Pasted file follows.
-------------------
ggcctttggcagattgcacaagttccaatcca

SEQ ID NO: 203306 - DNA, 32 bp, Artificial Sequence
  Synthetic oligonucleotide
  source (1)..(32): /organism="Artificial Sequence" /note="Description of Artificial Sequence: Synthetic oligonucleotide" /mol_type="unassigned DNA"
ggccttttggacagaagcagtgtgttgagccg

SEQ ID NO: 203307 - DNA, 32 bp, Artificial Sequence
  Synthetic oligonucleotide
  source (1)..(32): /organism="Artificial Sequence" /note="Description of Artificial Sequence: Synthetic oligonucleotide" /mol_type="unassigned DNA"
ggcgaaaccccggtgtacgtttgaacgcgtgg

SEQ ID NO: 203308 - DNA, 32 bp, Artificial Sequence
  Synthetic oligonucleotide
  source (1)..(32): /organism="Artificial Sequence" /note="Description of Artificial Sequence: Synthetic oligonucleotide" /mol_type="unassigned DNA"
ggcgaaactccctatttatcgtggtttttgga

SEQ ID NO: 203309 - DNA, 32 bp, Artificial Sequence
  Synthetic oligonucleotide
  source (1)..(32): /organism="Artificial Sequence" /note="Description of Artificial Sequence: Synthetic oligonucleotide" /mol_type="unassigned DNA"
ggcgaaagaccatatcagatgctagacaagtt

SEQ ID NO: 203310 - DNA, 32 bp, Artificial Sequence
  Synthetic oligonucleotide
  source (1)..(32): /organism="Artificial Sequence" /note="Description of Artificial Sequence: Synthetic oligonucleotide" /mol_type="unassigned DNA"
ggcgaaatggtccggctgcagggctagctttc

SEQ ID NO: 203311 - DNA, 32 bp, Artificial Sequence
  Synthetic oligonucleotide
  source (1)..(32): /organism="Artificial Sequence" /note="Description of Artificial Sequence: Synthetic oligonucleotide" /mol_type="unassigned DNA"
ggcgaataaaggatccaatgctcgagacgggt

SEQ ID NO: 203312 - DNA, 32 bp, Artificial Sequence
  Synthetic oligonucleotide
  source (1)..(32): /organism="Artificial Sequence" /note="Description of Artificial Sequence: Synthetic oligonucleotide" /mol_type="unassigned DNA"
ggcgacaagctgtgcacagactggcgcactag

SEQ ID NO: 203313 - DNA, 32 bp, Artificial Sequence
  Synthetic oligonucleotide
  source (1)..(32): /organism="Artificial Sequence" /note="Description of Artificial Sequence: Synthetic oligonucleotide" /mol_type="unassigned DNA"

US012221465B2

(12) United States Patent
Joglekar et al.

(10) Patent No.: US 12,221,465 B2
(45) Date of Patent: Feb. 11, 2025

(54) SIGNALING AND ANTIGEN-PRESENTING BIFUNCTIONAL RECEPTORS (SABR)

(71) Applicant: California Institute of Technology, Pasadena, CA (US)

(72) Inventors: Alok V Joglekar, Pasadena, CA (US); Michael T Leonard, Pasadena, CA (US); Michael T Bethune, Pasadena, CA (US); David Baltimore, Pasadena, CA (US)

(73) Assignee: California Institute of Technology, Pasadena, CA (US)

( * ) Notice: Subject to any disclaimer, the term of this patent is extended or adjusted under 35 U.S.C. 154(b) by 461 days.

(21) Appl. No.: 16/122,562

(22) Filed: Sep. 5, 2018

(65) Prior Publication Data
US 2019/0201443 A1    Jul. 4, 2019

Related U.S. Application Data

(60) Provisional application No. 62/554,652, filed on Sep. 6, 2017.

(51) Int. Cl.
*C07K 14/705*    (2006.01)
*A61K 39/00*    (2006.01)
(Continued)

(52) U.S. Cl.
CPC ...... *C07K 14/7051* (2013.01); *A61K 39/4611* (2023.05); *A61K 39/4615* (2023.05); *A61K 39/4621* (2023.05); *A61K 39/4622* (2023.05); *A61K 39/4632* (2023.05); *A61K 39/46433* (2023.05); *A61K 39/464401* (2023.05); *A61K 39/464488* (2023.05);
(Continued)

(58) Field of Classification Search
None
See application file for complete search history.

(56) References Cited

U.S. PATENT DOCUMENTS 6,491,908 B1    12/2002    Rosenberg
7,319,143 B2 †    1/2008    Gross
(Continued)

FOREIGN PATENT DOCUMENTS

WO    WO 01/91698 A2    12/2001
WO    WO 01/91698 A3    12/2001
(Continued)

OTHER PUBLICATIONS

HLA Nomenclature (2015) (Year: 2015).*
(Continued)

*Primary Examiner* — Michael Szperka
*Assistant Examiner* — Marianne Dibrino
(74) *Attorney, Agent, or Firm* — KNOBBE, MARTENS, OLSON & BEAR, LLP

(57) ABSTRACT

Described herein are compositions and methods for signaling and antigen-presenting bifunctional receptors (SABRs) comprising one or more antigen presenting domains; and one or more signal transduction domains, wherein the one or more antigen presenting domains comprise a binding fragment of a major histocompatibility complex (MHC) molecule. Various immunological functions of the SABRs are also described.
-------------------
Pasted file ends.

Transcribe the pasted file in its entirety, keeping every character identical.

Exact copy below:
ggcctttggcagattgcacaagttccaatcca

SEQ ID NO: 203306 - DNA, 32 bp, Artificial Sequence
  Synthetic oligonucleotide
  source (1)..(32): /organism="Artificial Sequence" /note="Description of Artificial Sequence: Synthetic oligonucleotide" /mol_type="unassigned DNA"
ggccttttggacagaagcagtgtgttgagccg

SEQ ID NO: 203307 - DNA, 32 bp, Artificial Sequence
  Synthetic oligonucleotide
  source (1)..(32): /organism="Artificial Sequence" /note="Description of Artificial Sequence: Synthetic oligonucleotide" /mol_type="unassigned DNA"
ggcgaaaccccggtgtacgtttgaacgcgtgg

SEQ ID NO: 203308 - DNA, 32 bp, Artificial Sequence
  Synthetic oligonucleotide
  source (1)..(32): /organism="Artificial Sequence" /note="Description of Artificial Sequence: Synthetic oligonucleotide" /mol_type="unassigned DNA"
ggcgaaactccctatttatcgtggtttttgga

SEQ ID NO: 203309 - DNA, 32 bp, Artificial Sequence
  Synthetic oligonucleotide
  source (1)..(32): /organism="Artificial Sequence" /note="Description of Artificial Sequence: Synthetic oligonucleotide" /mol_type="unassigned DNA"
ggcgaaagaccatatcagatgctagacaagtt

SEQ ID NO: 203310 - DNA, 32 bp, Artificial Sequence
  Synthetic oligonucleotide
  source (1)..(32): /organism="Artificial Sequence" /note="Description of Artificial Sequence: Synthetic oligonucleotide" /mol_type="unassigned DNA"
ggcgaaatggtccggctgcagggctagctttc

SEQ ID NO: 203311 - DNA, 32 bp, Artificial Sequence
  Synthetic oligonucleotide
  source (1)..(32): /organism="Artificial Sequence" /note="Description of Artificial Sequence: Synthetic oligonucleotide" /mol_type="unassigned DNA"
ggcgaataaaggatccaatgctcgagacgggt

SEQ ID NO: 203312 - DNA, 32 bp, Artificial Sequence
  Synthetic oligonucleotide
  source (1)..(32): /organism="Artificial Sequence" /note="Description of Artificial Sequence: Synthetic oligonucleotide" /mol_type="unassigned DNA"
ggcgacaagctgtgcacagactggcgcactag

SEQ ID NO: 203313 - DNA, 32 bp, Artificial Sequence
  Synthetic oligonucleotide
  source (1)..(32): /organism="Artificial Sequence" /note="Description of Artificial Sequence: Synthetic oligonucleotide" /mol_type="unassigned DNA"

US012221465B2

(12) United States Patent
Joglekar et al.

(10) Patent No.: US 12,221,465 B2
(45) Date of Patent: Feb. 11, 2025

(54) SIGNALING AND ANTIGEN-PRESENTING BIFUNCTIONAL RECEPTORS (SABR)

(71) Applicant: California Institute of Technology, Pasadena, CA (US)

(72) Inventors: Alok V Joglekar, Pasadena, CA (US); Michael T Leonard, Pasadena, CA (US); Michael T Bethune, Pasadena, CA (US); David Baltimore, Pasadena, CA (US)

(73) Assignee: California Institute of Technology, Pasadena, CA (US)

( * ) Notice: Subject to any disclaimer, the term of this patent is extended or adjusted under 35 U.S.C. 154(b) by 461 days.

(21) Appl. No.: 16/122,562

(22) Filed: Sep. 5, 2018

(65) Prior Publication Data
US 2019/0201443 A1    Jul. 4, 2019

Related U.S. Application Data

(60) Provisional application No. 62/554,652, filed on Sep. 6, 2017.

(51) Int. Cl.
*C07K 14/705*    (2006.01)
*A61K 39/00*    (2006.01)
(Continued)

(52) U.S. Cl.
CPC ...... *C07K 14/7051* (2013.01); *A61K 39/4611* (2023.05); *A61K 39/4615* (2023.05); *A61K 39/4621* (2023.05); *A61K 39/4622* (2023.05); *A61K 39/4632* (2023.05); *A61K 39/46433* (2023.05); *A61K 39/464401* (2023.05); *A61K 39/464488* (2023.05);
(Continued)

(58) Field of Classification Search
None
See application file for complete search history.

(56) References Cited

U.S. PATENT DOCUMENTS 6,491,908 B1    12/2002    Rosenberg
7,319,143 B2 †    1/2008    Gross
(Continued)

FOREIGN PATENT DOCUMENTS

WO    WO 01/91698 A2    12/2001
WO    WO 01/91698 A3    12/2001
(Continued)

OTHER PUBLICATIONS

HLA Nomenclature (2015) (Year: 2015).*
(Continued)

*Primary Examiner* — Michael Szperka
*Assistant Examiner* — Marianne Dibrino
(74) *Attorney, Agent, or Firm* — KNOBBE, MARTENS, OLSON & BEAR, LLP

(57) ABSTRACT

Described herein are compositions and methods for signaling and antigen-presenting bifunctional receptors (SABRs) comprising one or more antigen presenting domains; and one or more signal transduction domains, wherein the one or more antigen presenting domains comprise a binding fragment of a major histocompatibility complex (MHC) molecule. Various immunological functions of the SABRs are also described.